(1)Personal allowanceIn 2015/16 most individuals can receive £10,600 income that is not liable to tax. Unused personal allowances cannot be carried forward or transferred, so it’s a case of “use it or lose it”. The allowance is steadily lost at a rate of £1 for every £2 of income where the adjusted net income is over £100,000. It is vital to be aware of the effect of this, when planning at the end of the year, as it can create an effective income tax rate of 60 per cent for income levels between £100,000 and £121,200.
(2) Use your annual pension allowanceTransitional rules, for 2015/16 only, mean that there’s an annual allowance of £80,000, although only £40,000 of this can be used until 5 April 2016. You may also have unused annual allowances from the three previous tax years. This is a one-time chance to put an extra amount in to your pension, provided certain conditions are met; however we’re continually finding people unaware of the ability to do this.
(3) Changes to the taxation of dividendsFrom 6 April 2016, the taxation of dividends will change. The ten per cent tax credit will cease, but from 6 April 2016 the first £5,000 of dividends will generally be tax free. This is a zero per cent band of tax on top of the personal allowance, although dividends in the band can count against other benefits. Read more about navigating the tax landscape:
- Making tax digital: Is there a hidden agenda to bring in earlier business tax payments?
- Are you ready for rising interest rates?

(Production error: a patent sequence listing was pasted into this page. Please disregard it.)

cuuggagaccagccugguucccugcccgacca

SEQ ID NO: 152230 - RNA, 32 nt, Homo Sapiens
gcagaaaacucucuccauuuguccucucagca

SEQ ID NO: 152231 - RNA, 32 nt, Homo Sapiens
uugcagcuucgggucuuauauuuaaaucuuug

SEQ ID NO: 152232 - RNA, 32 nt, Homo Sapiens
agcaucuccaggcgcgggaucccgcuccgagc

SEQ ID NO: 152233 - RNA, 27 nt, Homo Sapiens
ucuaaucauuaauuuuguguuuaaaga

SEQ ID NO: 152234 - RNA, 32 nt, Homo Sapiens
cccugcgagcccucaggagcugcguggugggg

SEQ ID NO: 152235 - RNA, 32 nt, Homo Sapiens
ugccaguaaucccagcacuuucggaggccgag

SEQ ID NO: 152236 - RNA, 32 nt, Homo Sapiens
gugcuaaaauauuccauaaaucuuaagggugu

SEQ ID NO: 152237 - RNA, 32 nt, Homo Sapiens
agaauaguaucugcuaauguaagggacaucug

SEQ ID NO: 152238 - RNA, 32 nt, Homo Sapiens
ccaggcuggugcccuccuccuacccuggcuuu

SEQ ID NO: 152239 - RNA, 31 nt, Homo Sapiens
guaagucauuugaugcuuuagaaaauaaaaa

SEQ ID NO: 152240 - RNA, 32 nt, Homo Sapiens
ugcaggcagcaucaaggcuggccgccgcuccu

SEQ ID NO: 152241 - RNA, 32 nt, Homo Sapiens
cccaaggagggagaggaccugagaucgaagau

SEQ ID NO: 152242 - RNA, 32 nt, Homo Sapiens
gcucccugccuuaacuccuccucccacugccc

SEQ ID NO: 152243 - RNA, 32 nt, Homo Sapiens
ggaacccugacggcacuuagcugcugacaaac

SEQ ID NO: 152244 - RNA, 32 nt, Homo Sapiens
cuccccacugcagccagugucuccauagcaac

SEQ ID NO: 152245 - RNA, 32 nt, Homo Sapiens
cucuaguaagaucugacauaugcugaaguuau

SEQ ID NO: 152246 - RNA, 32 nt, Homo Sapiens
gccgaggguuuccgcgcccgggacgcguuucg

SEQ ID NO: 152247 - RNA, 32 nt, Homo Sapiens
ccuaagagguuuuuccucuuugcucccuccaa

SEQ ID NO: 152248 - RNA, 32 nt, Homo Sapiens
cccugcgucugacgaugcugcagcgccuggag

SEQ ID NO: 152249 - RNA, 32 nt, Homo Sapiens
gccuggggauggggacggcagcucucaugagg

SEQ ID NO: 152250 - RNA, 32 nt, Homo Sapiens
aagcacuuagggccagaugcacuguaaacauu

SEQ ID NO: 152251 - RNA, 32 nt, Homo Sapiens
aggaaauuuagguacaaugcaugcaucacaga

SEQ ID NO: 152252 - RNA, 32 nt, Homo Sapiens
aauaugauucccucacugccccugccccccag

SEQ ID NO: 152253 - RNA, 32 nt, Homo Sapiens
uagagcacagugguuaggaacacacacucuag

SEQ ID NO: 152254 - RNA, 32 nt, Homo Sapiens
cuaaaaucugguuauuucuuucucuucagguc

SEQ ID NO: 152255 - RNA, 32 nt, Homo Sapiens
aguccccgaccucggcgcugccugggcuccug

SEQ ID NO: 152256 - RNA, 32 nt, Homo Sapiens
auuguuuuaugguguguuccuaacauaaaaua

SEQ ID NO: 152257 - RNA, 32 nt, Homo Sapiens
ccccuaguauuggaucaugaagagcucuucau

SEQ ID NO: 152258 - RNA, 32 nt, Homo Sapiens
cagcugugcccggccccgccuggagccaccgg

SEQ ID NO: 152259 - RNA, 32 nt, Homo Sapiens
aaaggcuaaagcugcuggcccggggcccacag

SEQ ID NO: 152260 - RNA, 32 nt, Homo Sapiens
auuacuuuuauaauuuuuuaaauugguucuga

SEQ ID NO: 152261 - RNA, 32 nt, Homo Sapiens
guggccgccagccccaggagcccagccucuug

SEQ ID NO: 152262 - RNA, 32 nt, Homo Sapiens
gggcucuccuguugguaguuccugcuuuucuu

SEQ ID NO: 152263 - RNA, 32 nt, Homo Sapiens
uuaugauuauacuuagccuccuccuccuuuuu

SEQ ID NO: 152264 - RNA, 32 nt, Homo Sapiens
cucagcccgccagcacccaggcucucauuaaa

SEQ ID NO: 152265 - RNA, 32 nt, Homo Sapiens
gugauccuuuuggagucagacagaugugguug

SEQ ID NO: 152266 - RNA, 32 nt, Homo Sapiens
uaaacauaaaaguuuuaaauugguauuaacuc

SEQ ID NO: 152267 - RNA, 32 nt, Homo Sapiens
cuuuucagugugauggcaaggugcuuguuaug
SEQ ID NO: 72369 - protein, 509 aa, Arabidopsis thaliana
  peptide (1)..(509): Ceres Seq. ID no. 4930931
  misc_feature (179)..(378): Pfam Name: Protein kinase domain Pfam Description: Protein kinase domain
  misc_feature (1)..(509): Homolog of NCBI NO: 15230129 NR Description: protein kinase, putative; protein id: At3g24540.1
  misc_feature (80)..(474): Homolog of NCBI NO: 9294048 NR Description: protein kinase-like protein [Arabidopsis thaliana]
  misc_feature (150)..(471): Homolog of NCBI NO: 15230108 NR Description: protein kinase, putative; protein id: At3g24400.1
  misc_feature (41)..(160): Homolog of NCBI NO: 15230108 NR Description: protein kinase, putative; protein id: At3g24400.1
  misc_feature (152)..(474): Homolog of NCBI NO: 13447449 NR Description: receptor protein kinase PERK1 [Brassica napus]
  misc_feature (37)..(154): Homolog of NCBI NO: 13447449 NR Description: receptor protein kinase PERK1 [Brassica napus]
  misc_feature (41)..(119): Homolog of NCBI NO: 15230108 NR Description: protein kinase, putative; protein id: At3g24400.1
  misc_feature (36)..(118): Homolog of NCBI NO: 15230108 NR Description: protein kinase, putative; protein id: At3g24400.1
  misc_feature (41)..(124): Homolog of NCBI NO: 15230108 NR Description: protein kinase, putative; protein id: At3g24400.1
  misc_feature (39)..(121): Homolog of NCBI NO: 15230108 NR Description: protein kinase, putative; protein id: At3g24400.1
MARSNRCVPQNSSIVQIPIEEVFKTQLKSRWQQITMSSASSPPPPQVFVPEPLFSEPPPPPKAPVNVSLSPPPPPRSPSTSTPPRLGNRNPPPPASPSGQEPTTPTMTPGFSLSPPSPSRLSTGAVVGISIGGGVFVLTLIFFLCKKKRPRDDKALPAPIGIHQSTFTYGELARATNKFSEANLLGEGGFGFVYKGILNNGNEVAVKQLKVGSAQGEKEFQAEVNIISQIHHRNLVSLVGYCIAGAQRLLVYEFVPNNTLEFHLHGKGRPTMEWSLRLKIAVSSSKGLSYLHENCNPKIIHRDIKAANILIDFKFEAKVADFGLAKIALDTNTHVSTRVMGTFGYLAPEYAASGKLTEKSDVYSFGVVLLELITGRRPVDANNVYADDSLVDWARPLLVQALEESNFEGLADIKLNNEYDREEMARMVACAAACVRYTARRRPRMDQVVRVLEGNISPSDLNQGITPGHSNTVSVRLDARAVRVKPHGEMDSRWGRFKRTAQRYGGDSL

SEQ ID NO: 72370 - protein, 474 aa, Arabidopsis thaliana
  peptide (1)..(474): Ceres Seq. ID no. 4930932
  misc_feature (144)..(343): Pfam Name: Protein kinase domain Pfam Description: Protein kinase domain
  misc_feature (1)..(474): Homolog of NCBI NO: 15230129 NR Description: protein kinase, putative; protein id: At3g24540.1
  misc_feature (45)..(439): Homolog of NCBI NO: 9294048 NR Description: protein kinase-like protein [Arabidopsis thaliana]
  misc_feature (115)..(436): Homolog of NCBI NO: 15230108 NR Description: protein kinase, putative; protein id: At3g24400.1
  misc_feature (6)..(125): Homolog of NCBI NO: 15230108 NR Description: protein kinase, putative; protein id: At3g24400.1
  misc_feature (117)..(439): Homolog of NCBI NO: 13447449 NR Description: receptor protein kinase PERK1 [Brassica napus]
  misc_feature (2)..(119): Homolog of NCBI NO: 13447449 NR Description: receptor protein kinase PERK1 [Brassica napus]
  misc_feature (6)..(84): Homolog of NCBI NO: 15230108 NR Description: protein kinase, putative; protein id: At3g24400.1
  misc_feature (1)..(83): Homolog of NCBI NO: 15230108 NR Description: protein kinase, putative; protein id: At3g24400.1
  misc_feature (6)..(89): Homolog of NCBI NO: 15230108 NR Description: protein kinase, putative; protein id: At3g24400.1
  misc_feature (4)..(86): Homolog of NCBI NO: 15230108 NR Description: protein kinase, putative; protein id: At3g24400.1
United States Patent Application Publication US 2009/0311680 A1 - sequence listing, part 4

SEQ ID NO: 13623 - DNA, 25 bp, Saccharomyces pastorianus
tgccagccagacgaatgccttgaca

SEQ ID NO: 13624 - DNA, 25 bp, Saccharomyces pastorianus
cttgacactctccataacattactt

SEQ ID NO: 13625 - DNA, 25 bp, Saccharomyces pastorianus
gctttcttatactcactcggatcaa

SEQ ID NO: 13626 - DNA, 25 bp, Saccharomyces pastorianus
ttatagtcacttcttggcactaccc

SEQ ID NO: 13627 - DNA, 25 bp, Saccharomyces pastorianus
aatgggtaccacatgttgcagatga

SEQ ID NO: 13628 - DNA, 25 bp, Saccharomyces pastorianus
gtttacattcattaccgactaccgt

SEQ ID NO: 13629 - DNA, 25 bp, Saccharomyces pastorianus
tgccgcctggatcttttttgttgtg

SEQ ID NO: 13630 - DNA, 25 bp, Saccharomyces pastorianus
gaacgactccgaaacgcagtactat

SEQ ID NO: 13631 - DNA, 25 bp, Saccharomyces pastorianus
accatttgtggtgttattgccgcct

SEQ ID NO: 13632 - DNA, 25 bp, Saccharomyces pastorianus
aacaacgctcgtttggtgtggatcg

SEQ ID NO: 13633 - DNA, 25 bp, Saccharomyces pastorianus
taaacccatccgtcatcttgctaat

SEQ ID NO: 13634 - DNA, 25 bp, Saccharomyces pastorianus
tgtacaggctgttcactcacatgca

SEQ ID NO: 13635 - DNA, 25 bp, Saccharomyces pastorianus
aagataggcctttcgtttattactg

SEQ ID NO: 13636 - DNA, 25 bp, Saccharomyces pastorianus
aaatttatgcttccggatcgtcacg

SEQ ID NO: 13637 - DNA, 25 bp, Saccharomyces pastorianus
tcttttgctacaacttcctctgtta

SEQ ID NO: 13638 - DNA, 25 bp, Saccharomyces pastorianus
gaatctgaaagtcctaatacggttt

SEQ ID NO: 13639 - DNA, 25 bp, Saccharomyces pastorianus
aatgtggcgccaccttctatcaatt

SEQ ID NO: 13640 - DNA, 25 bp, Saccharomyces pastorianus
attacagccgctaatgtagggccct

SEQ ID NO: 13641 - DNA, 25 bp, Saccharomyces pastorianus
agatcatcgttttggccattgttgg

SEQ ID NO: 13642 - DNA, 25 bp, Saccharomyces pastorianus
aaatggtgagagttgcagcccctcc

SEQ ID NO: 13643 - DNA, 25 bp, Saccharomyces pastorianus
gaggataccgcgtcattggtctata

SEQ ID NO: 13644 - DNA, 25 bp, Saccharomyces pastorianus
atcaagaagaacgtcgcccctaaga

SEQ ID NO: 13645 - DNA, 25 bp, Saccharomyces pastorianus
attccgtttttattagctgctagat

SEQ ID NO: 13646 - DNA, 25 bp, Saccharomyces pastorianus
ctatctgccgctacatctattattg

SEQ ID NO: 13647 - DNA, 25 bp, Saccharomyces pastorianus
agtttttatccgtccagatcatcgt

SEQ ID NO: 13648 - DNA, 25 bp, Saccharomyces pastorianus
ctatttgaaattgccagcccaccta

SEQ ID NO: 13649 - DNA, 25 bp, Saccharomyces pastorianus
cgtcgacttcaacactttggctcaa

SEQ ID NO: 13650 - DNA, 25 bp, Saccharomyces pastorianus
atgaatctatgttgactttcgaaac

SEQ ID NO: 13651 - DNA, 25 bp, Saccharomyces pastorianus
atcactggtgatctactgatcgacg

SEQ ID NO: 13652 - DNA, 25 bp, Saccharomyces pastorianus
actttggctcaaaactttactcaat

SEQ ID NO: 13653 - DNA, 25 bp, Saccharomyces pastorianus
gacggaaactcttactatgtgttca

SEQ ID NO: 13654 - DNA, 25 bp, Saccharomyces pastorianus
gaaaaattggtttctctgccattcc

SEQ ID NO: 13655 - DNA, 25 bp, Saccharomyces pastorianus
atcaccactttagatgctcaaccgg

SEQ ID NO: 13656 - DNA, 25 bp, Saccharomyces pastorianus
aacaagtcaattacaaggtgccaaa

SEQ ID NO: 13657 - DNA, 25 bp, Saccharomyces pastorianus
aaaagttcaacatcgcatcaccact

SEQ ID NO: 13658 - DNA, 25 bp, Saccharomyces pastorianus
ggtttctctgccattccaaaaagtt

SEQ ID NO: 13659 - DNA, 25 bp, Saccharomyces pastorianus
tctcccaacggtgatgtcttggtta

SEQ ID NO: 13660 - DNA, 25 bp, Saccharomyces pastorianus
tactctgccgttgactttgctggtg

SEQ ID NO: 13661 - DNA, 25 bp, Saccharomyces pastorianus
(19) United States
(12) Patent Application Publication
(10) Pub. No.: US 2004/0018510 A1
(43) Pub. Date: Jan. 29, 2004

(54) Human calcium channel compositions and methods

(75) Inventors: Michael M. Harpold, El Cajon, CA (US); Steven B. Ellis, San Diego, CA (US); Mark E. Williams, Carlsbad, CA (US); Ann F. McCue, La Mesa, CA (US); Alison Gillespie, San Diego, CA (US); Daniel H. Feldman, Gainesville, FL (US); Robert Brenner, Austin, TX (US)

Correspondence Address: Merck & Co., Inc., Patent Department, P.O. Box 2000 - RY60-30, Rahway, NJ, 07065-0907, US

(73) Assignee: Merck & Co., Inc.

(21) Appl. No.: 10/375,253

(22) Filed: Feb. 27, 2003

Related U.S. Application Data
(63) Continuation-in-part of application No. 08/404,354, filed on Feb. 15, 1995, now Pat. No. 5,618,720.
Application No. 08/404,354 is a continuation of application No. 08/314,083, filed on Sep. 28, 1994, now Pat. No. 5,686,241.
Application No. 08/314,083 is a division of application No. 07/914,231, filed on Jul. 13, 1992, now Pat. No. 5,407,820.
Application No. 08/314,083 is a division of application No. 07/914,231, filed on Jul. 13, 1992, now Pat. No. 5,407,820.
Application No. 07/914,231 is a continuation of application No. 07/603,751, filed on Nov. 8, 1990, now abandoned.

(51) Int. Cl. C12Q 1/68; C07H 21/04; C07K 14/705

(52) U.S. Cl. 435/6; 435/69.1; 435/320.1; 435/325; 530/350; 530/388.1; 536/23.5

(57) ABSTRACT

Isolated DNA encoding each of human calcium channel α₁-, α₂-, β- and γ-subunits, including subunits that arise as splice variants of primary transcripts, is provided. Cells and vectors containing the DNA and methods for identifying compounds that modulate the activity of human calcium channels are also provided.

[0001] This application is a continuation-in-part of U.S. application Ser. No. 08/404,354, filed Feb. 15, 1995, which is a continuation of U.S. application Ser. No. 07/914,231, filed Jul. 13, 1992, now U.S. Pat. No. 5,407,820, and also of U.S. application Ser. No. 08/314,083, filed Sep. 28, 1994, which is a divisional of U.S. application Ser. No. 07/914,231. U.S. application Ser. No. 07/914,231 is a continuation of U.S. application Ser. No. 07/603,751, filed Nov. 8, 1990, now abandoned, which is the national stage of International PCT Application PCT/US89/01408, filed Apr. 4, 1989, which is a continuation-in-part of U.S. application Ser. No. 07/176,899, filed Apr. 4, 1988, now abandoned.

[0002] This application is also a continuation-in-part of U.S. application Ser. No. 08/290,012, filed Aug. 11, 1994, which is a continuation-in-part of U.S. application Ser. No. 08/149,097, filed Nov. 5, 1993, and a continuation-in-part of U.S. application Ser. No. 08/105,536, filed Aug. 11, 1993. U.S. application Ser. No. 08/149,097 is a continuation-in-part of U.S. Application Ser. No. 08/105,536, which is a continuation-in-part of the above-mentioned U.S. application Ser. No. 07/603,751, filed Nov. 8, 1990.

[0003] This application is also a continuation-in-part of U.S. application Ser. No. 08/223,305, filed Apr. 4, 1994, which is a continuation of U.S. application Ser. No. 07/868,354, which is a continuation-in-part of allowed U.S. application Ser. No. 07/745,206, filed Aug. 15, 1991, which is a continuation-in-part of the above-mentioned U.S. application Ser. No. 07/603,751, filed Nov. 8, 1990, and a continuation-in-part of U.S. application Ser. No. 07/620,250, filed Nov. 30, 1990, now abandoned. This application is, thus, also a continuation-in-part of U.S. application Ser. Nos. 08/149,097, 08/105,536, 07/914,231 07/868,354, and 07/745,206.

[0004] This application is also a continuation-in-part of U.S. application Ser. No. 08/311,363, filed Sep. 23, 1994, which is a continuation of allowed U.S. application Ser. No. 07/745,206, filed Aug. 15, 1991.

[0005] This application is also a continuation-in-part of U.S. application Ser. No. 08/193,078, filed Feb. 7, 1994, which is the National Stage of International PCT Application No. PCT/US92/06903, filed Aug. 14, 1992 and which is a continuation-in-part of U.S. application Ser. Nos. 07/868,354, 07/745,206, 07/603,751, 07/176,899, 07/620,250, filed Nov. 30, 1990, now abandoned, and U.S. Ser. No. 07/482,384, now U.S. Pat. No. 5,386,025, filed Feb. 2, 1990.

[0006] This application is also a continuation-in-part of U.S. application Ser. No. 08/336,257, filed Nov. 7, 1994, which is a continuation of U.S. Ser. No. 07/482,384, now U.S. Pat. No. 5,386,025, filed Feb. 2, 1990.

- Footballers score tax relief own goal with “aggressive” investments
(4) Capital gains taxThe capital gains tax (CGT) annual exemption of £11,100 for 2015/16, as with the personal allowance for income tax, cannot be carried forward to a future year if unused. If you’re married, both you and your spouse each have an annual exemption. Transferring assets with gains to a spouse prior to any sale can help to ensure that the exemption is not lost.
(5) Tax efficient investmentsISAs – the 2015/16 overall limit for ISAs is £15,240. This can be invested in cash or stocks and shares. Any income or gains arising on the investments will be tax free. SEIS, EIS and VCTs – Seed Enterprise Investment Schemes (SEIS), Enterprise Investment Schemes (EIS) and Venture Capital Trusts (VCTs) offer generous tax benefits to encourage investment in young, growing companies. The tax advantages can be attractive for investors and helpful to entrepreneurs looking to raise funds but they do entail more risk. If you haven’t started thinking about it yet, now is definitely the time to get your year-end tax affairs in order. With the old adage stating “in this world nothing can be said to be certain, except death and taxes”, Real Business also took a look at all the important changes to the tax structure implemented at the start of the financial year. Chris Springett is director in private client tax services at Smith & Williamson.
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